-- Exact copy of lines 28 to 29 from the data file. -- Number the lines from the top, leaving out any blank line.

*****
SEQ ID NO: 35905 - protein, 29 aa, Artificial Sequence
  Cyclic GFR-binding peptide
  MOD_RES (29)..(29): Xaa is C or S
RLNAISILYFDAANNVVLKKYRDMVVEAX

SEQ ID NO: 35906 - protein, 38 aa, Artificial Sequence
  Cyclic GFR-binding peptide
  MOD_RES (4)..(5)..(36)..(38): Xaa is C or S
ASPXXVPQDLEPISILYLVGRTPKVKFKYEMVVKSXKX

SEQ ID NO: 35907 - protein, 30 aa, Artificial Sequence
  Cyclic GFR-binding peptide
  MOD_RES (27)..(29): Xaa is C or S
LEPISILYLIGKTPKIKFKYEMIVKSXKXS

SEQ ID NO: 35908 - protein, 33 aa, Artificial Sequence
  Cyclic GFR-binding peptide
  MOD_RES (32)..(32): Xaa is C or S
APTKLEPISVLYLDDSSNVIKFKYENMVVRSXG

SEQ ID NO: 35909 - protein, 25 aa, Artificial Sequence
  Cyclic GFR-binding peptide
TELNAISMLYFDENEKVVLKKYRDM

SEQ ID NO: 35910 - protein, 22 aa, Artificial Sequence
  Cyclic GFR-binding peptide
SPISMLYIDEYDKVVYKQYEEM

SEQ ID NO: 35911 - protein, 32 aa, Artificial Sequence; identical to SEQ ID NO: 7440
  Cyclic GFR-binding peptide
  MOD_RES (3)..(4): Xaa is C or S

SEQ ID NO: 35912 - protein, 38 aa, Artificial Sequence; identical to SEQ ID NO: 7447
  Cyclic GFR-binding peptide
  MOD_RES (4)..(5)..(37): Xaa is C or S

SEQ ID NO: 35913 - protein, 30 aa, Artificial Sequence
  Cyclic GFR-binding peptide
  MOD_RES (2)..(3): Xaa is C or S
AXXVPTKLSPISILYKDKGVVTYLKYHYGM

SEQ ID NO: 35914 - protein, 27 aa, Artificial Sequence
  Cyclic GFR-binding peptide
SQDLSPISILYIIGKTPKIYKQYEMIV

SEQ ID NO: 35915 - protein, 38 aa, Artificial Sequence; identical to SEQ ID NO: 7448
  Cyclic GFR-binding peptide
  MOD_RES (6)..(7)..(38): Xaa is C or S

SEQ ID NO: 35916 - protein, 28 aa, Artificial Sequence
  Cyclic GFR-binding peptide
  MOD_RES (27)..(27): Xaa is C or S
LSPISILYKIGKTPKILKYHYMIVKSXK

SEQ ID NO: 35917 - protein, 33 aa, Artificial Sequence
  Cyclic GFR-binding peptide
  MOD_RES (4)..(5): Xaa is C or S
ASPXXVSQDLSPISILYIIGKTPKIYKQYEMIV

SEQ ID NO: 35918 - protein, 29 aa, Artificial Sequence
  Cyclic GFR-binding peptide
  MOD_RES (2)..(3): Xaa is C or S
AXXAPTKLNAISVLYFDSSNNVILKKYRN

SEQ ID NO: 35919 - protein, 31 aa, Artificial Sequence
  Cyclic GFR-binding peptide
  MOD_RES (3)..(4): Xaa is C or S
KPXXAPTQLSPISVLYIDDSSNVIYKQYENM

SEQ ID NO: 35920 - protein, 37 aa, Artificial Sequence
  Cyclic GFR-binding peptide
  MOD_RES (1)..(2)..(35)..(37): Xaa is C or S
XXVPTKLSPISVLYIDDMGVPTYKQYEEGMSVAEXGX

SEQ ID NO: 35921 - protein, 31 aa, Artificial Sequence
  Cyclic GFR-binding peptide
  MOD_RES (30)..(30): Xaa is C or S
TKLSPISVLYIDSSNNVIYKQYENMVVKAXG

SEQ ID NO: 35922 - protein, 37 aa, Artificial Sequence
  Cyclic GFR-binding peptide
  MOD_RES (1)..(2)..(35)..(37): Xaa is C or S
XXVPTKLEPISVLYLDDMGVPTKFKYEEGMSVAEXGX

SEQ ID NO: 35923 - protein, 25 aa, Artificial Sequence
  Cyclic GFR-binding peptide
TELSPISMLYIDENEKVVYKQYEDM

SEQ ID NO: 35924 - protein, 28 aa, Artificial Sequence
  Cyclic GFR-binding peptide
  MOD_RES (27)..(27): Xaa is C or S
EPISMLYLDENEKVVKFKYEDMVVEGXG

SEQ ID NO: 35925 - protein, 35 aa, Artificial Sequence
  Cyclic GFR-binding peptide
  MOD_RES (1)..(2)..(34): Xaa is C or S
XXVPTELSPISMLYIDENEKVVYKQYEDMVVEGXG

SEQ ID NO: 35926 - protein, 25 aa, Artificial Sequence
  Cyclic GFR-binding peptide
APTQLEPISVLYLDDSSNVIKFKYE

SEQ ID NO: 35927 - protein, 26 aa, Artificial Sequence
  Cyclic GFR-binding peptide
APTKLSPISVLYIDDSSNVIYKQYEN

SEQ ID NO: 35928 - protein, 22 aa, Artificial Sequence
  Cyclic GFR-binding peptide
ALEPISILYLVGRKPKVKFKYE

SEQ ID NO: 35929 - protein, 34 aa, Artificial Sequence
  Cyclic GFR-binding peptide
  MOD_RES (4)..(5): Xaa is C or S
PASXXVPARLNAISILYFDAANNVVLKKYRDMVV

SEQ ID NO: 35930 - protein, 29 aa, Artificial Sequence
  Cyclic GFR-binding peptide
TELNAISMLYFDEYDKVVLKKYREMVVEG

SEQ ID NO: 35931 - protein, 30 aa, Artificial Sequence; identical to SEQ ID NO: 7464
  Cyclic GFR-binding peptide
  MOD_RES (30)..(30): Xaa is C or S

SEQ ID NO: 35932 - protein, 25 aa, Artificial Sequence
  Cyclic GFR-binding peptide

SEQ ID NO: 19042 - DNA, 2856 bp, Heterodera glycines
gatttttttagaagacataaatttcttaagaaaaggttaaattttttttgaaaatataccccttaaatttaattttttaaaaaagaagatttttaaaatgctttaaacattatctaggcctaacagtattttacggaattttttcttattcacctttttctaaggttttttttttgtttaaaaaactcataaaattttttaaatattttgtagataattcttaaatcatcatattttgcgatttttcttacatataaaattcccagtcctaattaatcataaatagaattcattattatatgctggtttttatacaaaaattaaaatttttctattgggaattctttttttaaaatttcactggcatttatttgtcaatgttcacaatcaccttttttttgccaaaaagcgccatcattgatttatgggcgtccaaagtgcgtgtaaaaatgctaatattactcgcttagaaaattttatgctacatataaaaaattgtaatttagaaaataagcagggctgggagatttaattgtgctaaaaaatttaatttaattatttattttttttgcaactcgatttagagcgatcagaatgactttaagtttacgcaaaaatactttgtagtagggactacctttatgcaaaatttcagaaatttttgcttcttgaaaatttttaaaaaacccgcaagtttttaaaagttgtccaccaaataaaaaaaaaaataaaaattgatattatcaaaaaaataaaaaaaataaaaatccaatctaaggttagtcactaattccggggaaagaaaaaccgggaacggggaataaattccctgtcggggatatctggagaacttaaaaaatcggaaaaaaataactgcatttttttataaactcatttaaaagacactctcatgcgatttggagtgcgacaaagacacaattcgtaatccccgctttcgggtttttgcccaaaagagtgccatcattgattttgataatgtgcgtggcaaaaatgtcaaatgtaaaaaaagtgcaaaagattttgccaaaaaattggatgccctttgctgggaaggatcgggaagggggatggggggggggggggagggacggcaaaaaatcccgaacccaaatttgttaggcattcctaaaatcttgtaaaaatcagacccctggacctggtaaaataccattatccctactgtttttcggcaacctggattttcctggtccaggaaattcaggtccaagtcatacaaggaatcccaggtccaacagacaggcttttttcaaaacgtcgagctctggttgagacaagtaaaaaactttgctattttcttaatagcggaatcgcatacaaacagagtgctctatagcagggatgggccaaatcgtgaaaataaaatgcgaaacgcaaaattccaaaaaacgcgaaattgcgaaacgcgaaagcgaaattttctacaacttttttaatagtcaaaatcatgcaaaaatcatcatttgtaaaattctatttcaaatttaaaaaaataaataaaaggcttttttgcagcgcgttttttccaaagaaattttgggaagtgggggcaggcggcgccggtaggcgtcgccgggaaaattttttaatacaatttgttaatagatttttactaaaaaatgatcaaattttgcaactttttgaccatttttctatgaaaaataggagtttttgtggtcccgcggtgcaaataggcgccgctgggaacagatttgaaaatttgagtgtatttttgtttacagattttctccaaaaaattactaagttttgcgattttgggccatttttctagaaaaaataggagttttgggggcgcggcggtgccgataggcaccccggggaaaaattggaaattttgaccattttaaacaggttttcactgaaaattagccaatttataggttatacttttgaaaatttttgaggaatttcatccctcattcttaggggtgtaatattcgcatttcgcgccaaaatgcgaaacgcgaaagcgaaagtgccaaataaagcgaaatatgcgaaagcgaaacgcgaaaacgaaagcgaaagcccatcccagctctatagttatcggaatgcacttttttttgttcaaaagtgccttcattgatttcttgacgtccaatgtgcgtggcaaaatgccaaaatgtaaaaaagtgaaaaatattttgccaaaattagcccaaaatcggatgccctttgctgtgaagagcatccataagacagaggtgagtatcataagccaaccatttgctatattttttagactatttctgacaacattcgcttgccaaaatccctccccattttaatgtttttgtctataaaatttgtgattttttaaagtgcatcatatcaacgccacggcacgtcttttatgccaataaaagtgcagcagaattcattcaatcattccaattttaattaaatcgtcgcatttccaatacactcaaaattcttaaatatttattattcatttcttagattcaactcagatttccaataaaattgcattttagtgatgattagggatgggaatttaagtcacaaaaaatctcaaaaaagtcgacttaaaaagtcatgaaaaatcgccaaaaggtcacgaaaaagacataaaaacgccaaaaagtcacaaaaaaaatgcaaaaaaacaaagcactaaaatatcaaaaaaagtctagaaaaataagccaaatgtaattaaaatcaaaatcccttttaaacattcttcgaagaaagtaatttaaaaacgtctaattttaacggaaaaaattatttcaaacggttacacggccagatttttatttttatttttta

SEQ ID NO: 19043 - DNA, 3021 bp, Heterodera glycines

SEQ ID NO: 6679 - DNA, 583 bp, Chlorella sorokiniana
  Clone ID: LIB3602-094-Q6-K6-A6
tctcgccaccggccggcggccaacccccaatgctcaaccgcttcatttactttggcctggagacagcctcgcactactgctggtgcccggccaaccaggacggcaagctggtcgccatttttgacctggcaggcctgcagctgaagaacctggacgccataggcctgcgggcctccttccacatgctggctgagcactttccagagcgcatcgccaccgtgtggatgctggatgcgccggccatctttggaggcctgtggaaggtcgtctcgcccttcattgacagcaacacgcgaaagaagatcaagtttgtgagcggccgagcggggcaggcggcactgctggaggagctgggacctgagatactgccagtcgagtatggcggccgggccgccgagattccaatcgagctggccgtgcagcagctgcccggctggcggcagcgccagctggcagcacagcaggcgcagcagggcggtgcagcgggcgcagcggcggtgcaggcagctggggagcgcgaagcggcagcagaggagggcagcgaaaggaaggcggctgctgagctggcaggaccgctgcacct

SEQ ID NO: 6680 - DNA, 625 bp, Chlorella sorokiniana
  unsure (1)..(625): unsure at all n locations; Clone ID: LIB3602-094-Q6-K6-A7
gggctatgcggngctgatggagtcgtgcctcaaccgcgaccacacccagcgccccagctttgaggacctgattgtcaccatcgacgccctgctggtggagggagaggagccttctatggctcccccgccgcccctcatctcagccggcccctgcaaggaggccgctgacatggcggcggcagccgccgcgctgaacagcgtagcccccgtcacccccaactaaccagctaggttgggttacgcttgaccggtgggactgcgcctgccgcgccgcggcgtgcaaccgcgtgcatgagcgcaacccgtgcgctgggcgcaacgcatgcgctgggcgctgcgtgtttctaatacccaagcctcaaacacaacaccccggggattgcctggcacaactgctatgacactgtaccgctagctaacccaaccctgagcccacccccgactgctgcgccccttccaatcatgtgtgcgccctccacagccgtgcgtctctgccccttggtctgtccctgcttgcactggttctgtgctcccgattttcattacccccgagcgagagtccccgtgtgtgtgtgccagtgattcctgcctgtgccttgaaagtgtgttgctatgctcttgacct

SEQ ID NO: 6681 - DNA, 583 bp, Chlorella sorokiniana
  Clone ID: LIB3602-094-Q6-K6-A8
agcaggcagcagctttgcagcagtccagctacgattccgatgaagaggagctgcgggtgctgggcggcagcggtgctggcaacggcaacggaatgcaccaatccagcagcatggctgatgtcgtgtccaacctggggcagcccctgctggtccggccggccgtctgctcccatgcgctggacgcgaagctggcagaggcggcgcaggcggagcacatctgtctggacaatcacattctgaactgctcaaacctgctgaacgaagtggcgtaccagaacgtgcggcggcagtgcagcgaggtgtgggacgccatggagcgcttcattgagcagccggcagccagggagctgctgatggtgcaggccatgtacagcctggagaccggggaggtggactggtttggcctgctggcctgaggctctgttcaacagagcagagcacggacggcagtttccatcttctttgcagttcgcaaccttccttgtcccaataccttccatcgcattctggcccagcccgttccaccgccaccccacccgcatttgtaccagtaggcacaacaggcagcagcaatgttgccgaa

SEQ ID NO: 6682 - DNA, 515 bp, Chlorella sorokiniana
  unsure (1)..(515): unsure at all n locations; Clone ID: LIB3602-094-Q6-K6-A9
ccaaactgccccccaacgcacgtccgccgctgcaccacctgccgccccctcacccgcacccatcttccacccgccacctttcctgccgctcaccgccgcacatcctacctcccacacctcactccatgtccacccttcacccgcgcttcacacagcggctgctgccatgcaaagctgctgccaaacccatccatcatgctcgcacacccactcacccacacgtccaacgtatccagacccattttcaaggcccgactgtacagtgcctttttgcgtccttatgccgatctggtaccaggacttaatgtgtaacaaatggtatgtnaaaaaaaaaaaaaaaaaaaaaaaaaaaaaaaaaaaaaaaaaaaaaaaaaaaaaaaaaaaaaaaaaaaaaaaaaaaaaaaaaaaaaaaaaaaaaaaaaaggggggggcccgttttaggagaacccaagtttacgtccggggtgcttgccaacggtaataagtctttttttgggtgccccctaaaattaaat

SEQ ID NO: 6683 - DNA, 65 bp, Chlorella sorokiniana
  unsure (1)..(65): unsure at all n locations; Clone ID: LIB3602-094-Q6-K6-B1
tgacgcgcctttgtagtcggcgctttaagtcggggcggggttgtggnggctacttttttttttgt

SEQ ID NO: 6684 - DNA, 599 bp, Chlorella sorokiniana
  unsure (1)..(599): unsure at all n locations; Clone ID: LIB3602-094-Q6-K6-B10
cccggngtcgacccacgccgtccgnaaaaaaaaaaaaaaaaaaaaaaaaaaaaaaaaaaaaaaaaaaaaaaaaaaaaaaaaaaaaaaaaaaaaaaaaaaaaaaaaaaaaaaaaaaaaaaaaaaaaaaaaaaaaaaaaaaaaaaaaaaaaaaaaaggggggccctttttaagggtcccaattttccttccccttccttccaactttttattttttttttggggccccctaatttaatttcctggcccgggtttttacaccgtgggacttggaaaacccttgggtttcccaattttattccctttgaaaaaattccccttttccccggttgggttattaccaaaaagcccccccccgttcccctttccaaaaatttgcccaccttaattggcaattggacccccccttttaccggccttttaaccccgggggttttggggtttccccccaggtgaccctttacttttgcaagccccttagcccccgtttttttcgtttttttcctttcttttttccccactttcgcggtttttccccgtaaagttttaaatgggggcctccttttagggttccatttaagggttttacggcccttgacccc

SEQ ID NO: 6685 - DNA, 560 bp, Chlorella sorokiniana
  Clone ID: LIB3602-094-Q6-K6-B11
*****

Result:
  MOD_RES (4)..(5)..(37): Xaa is C or S

SEQ ID NO: 35913 - protein, 30 aa, Artificial Sequence